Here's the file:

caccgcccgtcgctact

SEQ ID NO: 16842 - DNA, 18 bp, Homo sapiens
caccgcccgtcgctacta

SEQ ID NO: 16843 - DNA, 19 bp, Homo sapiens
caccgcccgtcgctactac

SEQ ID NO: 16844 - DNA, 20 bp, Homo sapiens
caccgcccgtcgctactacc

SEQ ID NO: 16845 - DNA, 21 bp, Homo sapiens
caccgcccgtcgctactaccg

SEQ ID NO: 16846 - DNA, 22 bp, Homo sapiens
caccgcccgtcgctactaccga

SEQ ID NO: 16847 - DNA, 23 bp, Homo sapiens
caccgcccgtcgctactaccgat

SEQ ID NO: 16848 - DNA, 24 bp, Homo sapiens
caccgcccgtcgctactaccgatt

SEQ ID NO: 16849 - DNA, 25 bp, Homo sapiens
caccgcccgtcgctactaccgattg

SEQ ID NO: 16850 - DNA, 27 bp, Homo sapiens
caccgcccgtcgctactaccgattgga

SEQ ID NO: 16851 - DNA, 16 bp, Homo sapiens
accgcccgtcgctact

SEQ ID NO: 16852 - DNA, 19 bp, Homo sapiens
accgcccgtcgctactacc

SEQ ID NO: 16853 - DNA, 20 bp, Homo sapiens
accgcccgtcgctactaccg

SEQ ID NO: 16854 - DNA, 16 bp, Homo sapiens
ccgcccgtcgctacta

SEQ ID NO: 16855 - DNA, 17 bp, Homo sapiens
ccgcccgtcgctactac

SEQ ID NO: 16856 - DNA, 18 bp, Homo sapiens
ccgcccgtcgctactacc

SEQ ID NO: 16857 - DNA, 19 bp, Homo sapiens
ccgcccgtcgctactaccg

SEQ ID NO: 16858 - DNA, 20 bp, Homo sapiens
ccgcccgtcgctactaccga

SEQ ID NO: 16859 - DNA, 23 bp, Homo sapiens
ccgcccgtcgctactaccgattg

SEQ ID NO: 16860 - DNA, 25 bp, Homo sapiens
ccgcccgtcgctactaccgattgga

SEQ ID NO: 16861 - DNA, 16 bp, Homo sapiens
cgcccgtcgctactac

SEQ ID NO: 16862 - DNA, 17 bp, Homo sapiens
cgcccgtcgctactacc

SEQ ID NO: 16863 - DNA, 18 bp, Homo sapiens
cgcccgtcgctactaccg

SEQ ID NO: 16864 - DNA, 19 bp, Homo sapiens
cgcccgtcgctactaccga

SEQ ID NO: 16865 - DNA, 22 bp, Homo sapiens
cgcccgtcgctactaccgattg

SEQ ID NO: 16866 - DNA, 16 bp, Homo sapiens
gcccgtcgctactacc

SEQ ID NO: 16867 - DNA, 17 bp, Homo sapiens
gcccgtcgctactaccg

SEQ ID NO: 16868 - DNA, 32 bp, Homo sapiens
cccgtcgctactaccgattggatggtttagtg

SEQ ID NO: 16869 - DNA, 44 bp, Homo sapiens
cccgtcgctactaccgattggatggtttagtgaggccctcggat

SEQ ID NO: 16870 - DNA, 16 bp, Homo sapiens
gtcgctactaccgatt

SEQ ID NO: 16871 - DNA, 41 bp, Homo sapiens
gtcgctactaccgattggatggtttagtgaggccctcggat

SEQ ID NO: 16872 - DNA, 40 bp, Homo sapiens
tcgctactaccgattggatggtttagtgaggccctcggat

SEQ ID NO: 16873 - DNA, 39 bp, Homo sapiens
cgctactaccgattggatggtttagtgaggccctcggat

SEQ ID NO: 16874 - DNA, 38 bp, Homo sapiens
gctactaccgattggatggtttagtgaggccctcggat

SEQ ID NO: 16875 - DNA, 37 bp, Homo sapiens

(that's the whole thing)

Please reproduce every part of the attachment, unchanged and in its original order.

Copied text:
caccgcccgtcgctact

SEQ ID NO: 16842 - DNA, 18 bp, Homo sapiens
caccgcccgtcgctacta

SEQ ID NO: 16843 - DNA, 19 bp, Homo sapiens
caccgcccgtcgctactac

SEQ ID NO: 16844 - DNA, 20 bp, Homo sapiens
caccgcccgtcgctactacc

SEQ ID NO: 16845 - DNA, 21 bp, Homo sapiens
caccgcccgtcgctactaccg

SEQ ID NO: 16846 - DNA, 22 bp, Homo sapiens
caccgcccgtcgctactaccga

SEQ ID NO: 16847 - DNA, 23 bp, Homo sapiens
caccgcccgtcgctactaccgat

SEQ ID NO: 16848 - DNA, 24 bp, Homo sapiens
caccgcccgtcgctactaccgatt

SEQ ID NO: 16849 - DNA, 25 bp, Homo sapiens
caccgcccgtcgctactaccgattg

SEQ ID NO: 16850 - DNA, 27 bp, Homo sapiens
caccgcccgtcgctactaccgattgga

SEQ ID NO: 16851 - DNA, 16 bp, Homo sapiens
accgcccgtcgctact

SEQ ID NO: 16852 - DNA, 19 bp, Homo sapiens
accgcccgtcgctactacc

SEQ ID NO: 16853 - DNA, 20 bp, Homo sapiens
accgcccgtcgctactaccg

SEQ ID NO: 16854 - DNA, 16 bp, Homo sapiens
ccgcccgtcgctacta

SEQ ID NO: 16855 - DNA, 17 bp, Homo sapiens
ccgcccgtcgctactac

SEQ ID NO: 16856 - DNA, 18 bp, Homo sapiens
ccgcccgtcgctactacc

SEQ ID NO: 16857 - DNA, 19 bp, Homo sapiens
ccgcccgtcgctactaccg

SEQ ID NO: 16858 - DNA, 20 bp, Homo sapiens
ccgcccgtcgctactaccga

SEQ ID NO: 16859 - DNA, 23 bp, Homo sapiens
ccgcccgtcgctactaccgattg

SEQ ID NO: 16860 - DNA, 25 bp, Homo sapiens
ccgcccgtcgctactaccgattgga

SEQ ID NO: 16861 - DNA, 16 bp, Homo sapiens
cgcccgtcgctactac

SEQ ID NO: 16862 - DNA, 17 bp, Homo sapiens
cgcccgtcgctactacc

SEQ ID NO: 16863 - DNA, 18 bp, Homo sapiens
cgcccgtcgctactaccg

SEQ ID NO: 16864 - DNA, 19 bp, Homo sapiens
cgcccgtcgctactaccga

SEQ ID NO: 16865 - DNA, 22 bp, Homo sapiens
cgcccgtcgctactaccgattg

SEQ ID NO: 16866 - DNA, 16 bp, Homo sapiens
gcccgtcgctactacc

SEQ ID NO: 16867 - DNA, 17 bp, Homo sapiens
gcccgtcgctactaccg

SEQ ID NO: 16868 - DNA, 32 bp, Homo sapiens
cccgtcgctactaccgattggatggtttagtg

SEQ ID NO: 16869 - DNA, 44 bp, Homo sapiens
cccgtcgctactaccgattggatggtttagtgaggccctcggat

SEQ ID NO: 16870 - DNA, 16 bp, Homo sapiens
gtcgctactaccgatt

SEQ ID NO: 16871 - DNA, 41 bp, Homo sapiens
gtcgctactaccgattggatggtttagtgaggccctcggat

SEQ ID NO: 16872 - DNA, 40 bp, Homo sapiens
tcgctactaccgattggatggtttagtgaggccctcggat

SEQ ID NO: 16873 - DNA, 39 bp, Homo sapiens
cgctactaccgattggatggtttagtgaggccctcggat

SEQ ID NO: 16874 - DNA, 38 bp, Homo sapiens
gctactaccgattggatggtttagtgaggccctcggat

SEQ ID NO: 16875 - DNA, 37 bp, Homo sapiens